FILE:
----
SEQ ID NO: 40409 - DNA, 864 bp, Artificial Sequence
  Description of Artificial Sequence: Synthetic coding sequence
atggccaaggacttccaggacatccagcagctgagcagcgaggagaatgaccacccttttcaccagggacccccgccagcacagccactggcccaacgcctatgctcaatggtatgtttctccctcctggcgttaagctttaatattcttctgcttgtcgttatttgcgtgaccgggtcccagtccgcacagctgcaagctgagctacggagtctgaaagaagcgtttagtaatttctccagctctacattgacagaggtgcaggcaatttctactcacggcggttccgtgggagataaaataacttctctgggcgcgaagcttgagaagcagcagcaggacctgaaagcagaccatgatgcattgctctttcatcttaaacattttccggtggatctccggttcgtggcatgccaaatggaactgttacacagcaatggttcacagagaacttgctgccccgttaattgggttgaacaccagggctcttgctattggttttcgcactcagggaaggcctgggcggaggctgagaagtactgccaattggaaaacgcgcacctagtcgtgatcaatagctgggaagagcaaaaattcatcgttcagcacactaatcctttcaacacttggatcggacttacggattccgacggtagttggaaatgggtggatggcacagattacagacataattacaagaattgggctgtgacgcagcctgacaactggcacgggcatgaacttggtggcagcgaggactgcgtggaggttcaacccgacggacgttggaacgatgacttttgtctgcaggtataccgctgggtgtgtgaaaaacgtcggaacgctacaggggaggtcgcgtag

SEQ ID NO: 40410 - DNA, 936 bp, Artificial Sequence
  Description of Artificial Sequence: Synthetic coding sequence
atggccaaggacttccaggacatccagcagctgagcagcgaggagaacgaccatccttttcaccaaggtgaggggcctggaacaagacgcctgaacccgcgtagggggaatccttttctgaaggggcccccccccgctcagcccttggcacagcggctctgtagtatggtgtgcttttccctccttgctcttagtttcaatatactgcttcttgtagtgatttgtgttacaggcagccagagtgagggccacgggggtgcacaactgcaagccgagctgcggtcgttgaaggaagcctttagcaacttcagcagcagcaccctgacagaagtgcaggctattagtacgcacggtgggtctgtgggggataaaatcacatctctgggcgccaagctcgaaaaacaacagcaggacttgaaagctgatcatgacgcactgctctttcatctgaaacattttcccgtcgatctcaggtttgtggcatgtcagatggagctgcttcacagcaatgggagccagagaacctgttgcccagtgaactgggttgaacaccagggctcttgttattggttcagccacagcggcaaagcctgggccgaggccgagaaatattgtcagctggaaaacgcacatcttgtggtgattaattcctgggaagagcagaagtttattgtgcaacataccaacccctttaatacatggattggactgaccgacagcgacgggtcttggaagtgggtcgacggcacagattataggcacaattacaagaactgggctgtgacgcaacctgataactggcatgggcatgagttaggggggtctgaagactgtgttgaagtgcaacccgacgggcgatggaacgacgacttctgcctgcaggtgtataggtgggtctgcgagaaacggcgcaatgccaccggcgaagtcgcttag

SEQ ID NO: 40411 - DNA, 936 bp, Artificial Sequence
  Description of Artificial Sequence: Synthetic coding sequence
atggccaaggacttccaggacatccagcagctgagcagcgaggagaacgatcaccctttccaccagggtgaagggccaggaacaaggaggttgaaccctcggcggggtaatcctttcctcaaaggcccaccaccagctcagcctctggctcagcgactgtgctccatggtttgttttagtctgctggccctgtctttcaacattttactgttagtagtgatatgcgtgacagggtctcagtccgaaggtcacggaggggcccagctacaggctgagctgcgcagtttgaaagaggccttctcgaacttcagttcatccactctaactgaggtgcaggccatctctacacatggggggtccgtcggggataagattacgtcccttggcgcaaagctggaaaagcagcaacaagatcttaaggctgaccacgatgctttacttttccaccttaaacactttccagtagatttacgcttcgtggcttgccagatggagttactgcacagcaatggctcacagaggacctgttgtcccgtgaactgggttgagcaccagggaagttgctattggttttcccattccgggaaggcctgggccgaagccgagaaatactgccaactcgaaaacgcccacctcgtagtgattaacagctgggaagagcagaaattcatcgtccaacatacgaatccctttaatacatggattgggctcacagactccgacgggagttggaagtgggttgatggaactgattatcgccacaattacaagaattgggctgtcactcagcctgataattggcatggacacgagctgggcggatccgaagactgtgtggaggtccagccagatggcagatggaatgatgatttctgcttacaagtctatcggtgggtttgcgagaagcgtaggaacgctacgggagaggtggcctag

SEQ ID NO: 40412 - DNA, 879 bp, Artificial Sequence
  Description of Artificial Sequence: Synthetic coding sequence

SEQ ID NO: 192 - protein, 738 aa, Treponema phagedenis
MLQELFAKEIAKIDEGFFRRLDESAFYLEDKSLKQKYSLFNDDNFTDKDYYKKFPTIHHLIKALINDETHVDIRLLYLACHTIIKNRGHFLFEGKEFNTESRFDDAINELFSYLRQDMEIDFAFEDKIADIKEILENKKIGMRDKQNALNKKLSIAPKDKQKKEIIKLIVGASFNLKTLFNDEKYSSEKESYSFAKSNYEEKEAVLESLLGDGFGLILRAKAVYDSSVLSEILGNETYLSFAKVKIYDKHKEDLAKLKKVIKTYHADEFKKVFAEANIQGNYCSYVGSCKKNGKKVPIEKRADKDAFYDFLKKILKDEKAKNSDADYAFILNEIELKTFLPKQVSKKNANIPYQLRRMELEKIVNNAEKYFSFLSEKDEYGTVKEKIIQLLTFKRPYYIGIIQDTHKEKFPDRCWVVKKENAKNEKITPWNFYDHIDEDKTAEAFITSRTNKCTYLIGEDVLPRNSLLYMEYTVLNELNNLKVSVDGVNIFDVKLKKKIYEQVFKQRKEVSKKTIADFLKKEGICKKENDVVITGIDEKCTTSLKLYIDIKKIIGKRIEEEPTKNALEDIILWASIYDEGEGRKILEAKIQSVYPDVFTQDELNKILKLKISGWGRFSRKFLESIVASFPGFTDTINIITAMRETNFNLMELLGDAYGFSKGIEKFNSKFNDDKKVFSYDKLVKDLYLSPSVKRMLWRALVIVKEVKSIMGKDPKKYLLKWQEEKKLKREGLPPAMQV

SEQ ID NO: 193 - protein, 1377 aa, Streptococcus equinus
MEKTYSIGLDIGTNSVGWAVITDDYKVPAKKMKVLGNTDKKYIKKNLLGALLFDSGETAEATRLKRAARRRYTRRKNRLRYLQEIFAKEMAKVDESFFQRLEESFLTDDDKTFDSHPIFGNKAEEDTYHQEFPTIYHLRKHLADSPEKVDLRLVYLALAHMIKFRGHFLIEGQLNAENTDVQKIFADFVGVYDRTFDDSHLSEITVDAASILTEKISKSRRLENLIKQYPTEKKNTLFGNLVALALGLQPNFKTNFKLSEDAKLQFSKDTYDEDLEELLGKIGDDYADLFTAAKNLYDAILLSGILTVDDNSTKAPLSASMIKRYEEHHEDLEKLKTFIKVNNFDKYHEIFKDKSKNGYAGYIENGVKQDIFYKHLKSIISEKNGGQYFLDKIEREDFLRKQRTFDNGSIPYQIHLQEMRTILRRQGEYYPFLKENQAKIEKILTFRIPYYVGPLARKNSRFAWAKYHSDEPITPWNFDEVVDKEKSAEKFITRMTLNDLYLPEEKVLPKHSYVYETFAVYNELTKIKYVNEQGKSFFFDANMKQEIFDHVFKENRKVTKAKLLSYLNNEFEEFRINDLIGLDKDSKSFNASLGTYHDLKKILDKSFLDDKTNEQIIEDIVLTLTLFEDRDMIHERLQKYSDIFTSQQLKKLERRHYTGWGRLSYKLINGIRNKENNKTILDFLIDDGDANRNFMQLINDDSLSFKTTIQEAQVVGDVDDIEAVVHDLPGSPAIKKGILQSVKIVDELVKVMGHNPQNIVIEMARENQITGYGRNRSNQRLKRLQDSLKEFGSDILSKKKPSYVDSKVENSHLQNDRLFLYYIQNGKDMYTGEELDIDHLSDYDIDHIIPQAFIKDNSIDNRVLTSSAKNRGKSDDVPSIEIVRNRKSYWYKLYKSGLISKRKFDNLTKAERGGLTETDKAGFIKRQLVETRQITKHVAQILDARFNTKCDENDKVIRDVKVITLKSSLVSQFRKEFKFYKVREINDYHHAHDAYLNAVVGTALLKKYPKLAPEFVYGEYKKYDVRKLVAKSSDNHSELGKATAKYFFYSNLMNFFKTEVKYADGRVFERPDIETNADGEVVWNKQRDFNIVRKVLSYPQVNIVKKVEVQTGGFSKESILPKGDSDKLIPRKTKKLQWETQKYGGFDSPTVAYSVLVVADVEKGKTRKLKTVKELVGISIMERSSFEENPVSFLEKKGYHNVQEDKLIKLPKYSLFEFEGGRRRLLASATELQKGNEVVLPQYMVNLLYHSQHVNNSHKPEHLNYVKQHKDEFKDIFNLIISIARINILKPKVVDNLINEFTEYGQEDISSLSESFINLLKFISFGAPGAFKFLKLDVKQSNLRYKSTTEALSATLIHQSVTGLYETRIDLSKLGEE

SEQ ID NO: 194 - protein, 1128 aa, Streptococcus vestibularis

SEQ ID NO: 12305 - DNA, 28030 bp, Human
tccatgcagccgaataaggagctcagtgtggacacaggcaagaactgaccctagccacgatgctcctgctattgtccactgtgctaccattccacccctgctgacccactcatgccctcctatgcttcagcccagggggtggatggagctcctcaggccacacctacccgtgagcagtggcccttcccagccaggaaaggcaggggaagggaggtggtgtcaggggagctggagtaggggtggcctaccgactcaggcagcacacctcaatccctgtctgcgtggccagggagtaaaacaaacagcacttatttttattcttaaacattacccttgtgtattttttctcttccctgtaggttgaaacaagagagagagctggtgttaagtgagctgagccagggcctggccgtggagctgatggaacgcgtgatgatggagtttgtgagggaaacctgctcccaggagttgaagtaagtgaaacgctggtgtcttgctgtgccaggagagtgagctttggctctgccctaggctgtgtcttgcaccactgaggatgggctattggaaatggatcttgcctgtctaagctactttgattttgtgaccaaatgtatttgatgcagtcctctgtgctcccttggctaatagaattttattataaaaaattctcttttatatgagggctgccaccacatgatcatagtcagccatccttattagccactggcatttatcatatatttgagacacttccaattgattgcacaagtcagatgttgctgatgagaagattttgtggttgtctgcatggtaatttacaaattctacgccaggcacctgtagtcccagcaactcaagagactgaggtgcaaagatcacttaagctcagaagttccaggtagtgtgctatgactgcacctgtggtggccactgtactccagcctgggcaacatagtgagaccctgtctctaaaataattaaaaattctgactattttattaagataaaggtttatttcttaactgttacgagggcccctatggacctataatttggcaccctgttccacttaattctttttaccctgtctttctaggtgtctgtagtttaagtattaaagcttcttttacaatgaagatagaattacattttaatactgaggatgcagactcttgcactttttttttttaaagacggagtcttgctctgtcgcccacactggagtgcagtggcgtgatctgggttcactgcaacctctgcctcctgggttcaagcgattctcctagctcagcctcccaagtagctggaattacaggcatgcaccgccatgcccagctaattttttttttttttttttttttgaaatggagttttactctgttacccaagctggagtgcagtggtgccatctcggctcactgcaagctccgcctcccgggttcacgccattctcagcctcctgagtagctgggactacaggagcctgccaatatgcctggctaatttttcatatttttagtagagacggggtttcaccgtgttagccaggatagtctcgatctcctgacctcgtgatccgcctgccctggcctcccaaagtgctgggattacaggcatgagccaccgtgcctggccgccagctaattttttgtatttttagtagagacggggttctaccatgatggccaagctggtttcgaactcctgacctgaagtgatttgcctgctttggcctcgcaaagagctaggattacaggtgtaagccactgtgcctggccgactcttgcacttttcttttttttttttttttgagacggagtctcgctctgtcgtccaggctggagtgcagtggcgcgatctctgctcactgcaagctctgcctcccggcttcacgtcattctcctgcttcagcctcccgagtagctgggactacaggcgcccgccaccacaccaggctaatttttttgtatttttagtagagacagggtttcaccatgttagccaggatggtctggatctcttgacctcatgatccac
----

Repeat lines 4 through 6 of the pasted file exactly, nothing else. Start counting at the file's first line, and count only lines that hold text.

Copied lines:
SEQ ID NO: 40410 - DNA, 936 bp, Artificial Sequence
  Description of Artificial Sequence: Synthetic coding sequence
atggccaaggacttccaggacatccagcagctgagcagcgaggagaacgaccatccttttcaccaaggtgaggggcctggaacaagacgcctgaacccgcgtagggggaatccttttctgaaggggcccccccccgctcagcccttggcacagcggctctgtagtatggtgtgcttttccctccttgctcttagtttcaatatactgcttcttgtagtgatttgtgttacaggcagccagagtgagggccacgggggtgcacaactgcaagccgagctgcggtcgttgaaggaagcctttagcaacttcagcagcagcaccctgacagaagtgcaggctattagtacgcacggtgggtctgtgggggataaaatcacatctctgggcgccaagctcgaaaaacaacagcaggacttgaaagctgatcatgacgcactgctctttcatctgaaacattttcccgtcgatctcaggtttgtggcatgtcagatggagctgcttcacagcaatgggagccagagaacctgttgcccagtgaactgggttgaacaccagggctcttgttattggttcagccacagcggcaaagcctgggccgaggccgagaaatattgtcagctggaaaacgcacatcttgtggtgattaattcctgggaagagcagaagtttattgtgcaacataccaacccctttaatacatggattggactgaccgacagcgacgggtcttggaagtgggtcgacggcacagattataggcacaattacaagaactgggctgtgacgcaacctgataactggcatgggcatgagttaggggggtctgaagactgtgttgaagtgcaacccgacgggcgatggaacgacgacttctgcctgcaggtgtataggtgggtctgcgagaaacggcgcaatgccaccggcgaagtcgcttag